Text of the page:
In the only debate before Election Day between Democrat Steuart Pittman and Republican Jessica Haire, the candidates for Anne Arundel County executive sparred for 90 minutes. They disagreed on many of the county’s biggest issues, such as how to handle future development, taxes and crime. But there were a few times when the rivals agreed.
Here are some things we learned from Tuesday’s debate.
Both oppose the Odenton landfill project
Perhaps Pittman’s most frequent critique of Haire, the first-term Edgewater council member, is that she took tens of thousands of dollars in campaign donations from a Silver Spring developer — and associated employees and family members — that is attempting to build a landfill in Odenton.
A coalition of community groups called on Haire to return the money and filed a public information request to view all Haire’s communications with the company about the landfill. Herb McMillan, who finished second to Haire in the Republican primary in July, then wrote a commentary in The Capital urging county residents not to vote for Haire because of her association with the developers.
During the debate, Haire said she was happy to have a chance to go on the record against building the landfill and reiterated that the company’s donations do not make her beholden to their wishes.
“I’m going to say it loud and clear, I’m opposed to the landfill. Let me say it one more time, I’m opposed to the landfill,” Haire said.
Pittman has consistently opposed the project which has been discussed for 30 years. He blocked its development by purchasing land where a proposed entry point was located to instead construct a new school.
“Our legal team believes that we can fight to keep them from going for another entrance,” Pittman said. “They believe that our legal team will back down and that they’ll get another entrance and I think that is why they invested a quarter-million dollars in trying to acquire a new county executive.”
Both oppose turning Greenbury Point into a golf course
After a group of passionate county residents created a social media campaign to protect the more than 200-acre peninsula of Greenbury Point in Annapolis from being turned into a golf course, both candidates said they are opposed to any changes to the property.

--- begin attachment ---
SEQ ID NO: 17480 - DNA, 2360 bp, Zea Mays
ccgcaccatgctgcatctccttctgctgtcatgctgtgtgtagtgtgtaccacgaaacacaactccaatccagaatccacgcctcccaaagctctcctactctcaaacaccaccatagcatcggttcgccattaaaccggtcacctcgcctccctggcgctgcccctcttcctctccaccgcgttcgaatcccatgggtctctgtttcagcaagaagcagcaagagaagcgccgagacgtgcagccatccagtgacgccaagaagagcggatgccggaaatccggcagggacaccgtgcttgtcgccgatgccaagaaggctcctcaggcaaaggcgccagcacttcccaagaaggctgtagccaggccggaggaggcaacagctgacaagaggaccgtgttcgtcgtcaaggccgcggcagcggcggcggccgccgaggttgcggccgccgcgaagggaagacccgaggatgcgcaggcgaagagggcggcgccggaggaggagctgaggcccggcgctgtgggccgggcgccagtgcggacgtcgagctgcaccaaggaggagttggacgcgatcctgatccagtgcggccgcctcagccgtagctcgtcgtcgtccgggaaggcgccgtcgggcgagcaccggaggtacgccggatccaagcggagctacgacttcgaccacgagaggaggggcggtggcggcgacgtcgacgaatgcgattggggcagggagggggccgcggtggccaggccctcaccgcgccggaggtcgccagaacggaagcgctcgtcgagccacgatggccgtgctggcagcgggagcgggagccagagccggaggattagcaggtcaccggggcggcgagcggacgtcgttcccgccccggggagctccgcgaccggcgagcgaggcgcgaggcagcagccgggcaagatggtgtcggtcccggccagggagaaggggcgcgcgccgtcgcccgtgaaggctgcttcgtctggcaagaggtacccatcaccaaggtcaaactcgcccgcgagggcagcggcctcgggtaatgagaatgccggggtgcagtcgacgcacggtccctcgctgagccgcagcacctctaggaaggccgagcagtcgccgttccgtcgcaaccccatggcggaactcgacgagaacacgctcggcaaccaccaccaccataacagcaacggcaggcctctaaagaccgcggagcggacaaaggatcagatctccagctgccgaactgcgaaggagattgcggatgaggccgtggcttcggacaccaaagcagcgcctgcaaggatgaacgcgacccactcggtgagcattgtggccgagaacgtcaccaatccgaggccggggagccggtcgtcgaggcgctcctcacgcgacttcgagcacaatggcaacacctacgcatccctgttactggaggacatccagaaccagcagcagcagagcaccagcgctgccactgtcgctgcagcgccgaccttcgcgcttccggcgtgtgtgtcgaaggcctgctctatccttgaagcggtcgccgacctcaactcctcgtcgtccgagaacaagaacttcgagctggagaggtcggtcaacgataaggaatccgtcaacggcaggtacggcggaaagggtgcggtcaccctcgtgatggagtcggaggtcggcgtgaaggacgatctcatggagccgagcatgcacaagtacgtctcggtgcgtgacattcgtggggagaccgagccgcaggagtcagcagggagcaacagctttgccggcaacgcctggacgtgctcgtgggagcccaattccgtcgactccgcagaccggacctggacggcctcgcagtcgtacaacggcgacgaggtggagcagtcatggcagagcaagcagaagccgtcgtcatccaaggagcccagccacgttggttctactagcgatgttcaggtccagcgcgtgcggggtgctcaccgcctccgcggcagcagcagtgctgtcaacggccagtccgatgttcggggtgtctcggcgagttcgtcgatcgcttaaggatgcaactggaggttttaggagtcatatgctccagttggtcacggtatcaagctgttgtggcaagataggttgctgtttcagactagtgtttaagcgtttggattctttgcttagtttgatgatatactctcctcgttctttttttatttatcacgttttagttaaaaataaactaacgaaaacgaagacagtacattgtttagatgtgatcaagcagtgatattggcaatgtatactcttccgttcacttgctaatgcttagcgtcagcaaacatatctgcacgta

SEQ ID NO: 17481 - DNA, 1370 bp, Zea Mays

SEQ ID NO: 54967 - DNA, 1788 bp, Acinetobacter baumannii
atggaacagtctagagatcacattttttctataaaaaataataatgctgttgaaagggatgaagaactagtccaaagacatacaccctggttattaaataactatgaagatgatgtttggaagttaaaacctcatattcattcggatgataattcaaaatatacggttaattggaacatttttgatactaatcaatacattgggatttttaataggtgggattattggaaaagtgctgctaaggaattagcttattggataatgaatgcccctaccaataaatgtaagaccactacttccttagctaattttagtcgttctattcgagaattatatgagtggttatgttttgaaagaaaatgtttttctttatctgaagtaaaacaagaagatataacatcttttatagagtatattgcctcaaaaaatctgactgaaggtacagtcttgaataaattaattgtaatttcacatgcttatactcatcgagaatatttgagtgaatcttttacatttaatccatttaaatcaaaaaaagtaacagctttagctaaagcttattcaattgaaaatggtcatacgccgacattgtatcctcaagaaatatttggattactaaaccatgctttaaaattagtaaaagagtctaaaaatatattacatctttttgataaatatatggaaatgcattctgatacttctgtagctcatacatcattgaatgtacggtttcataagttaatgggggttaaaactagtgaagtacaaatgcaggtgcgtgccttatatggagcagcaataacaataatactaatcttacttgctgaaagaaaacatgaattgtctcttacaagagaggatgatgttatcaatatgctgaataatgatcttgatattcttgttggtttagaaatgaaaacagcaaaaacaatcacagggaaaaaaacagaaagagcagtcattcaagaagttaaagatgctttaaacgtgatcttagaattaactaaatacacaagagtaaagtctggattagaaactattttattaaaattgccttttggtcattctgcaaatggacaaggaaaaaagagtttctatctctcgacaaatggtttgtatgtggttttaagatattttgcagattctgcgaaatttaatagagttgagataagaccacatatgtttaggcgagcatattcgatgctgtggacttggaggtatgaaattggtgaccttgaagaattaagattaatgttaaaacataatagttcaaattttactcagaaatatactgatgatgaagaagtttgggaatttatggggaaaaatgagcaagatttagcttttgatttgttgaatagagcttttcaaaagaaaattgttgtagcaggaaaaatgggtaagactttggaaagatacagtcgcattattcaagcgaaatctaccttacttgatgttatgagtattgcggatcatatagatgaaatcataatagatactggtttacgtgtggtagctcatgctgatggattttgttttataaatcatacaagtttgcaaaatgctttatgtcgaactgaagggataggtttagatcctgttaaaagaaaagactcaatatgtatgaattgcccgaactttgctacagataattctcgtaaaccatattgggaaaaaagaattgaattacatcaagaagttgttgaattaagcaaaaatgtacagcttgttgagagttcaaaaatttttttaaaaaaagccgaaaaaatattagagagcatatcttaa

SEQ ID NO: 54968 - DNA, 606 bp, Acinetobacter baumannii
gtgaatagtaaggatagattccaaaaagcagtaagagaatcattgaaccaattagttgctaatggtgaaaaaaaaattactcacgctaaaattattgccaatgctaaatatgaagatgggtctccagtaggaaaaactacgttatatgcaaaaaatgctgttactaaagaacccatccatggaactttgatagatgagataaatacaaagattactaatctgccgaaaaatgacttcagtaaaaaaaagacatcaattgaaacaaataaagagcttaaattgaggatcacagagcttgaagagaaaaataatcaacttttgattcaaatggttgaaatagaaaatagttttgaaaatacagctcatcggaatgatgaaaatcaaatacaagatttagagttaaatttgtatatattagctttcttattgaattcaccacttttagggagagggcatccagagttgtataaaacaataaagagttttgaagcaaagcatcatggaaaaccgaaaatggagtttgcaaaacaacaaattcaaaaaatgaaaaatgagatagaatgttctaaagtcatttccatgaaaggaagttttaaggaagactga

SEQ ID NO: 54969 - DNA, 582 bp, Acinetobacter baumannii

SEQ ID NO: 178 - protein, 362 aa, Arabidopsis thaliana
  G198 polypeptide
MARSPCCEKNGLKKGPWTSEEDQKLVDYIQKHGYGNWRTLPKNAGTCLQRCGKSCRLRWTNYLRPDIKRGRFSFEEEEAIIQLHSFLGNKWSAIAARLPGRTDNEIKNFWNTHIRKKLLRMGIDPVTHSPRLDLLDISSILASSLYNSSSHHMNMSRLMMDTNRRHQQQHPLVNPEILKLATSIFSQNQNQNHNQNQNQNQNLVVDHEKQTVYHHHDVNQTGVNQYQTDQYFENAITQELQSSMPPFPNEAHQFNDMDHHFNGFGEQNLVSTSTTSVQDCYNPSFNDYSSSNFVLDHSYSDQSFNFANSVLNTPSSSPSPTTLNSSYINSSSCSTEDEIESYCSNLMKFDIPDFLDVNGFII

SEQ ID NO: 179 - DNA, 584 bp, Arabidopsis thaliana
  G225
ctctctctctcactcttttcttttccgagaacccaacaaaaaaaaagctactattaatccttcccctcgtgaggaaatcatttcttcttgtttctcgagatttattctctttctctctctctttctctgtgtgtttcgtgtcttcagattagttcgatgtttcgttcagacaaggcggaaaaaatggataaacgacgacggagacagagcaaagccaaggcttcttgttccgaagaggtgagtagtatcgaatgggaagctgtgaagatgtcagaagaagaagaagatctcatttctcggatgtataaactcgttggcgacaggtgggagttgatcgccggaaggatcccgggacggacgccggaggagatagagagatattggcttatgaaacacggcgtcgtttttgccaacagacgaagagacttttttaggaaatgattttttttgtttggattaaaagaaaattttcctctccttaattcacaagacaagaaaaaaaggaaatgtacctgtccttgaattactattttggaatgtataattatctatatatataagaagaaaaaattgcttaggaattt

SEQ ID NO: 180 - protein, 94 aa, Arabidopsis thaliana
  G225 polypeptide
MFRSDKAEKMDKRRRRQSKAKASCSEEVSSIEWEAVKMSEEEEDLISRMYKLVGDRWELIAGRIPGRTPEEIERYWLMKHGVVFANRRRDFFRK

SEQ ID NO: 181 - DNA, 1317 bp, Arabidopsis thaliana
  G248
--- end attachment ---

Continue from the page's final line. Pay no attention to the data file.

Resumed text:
In August, Naval Academy Golf Association President Chet Gladchuk’s request to make the park a golf course was denied by the Navy, which owns the land. He said he’s adjusting his proposal and sending it in again. The Navy has said they are not interested in changing the park at this time.
While Pittman submitted an opposing request to lease Greenbury Point and maintain it as a nature preserve, Haire had not yet had an opportunity to weigh in on the topic. She said Tuesday night she also wishes it to remain as it is.
“I like it with passive trails, passive recreation. I think it’s beautiful. It’s open. It’s accessible. I don’t think it needs to change,” Haire said.
“I don’t believe it will happen,” Pittman said of the golf course project.
Both agree climate change is a threat but diverge on how to combat it
With increasingly devastating storms and flooding affecting the county, including two tornadoes in the last two years, Haire and Pittman agreed climate change is a critical issue for the county executive to address over the next four years but disagree on how to go about it.
Pittman touted the joint resilience authority which is still in its early stages but, once on its feet, will seek funding for infrastructure projects and use the county’s existing infrastructure to improve its response and resilience to climate change.
“We have a plan that identifies the low-lying parts of our county, the most vulnerable, and it’s time to start getting to work,” Pittman said.
Haire, who represents Shady Side on the council, has previously voiced concerns about the communities on that peninsula and those across the West River in Mayo. Both are just feet above sea level. But she has questions about the necessity for the authority and how it will raise money. She said Tuesday the best thing for the county to do is improve its infrastructure including stormwater and flooding management.
“I think we need to be looking at the county on the whole from a flooding perspective and engineering solutions,” said Haire, who has a degree in engineering. “I think there’s a lot of really cool, innovative ideas that we can be proactive about moving forward.”
Both agree to accept election results
The final question of the debate, one submitted by a county resident, asked the candidates a simple question: Will you accept the results of the election?
Maryland Policy & Politics
Numerous Republican candidates in federal, state and local elections, including Dan Cox, the Republican candidate for Maryland governor, have refused to say they will accept election results. Cox, a loyalist of former President Donald Trump, equated doing so to saying a surgery went well before it takes place.
Haire needed only one word to answer the question, saying “Yes” several times.
Pittman said he would “absolutely” accept the results but lamented a recent decision by the Anne Arundel County Board of Elections to delay counting mail-in ballots until two days after Election Day. Earlier this month, Cox lost an appeal of the state’s decision to allow counting mail-in ballots ahead of Election Day.
“Three members of the board felt like they wanted to go with the Dan Cox position on this,” Pittman said. “We won’t know the results right away but we will accept them whenever they come.”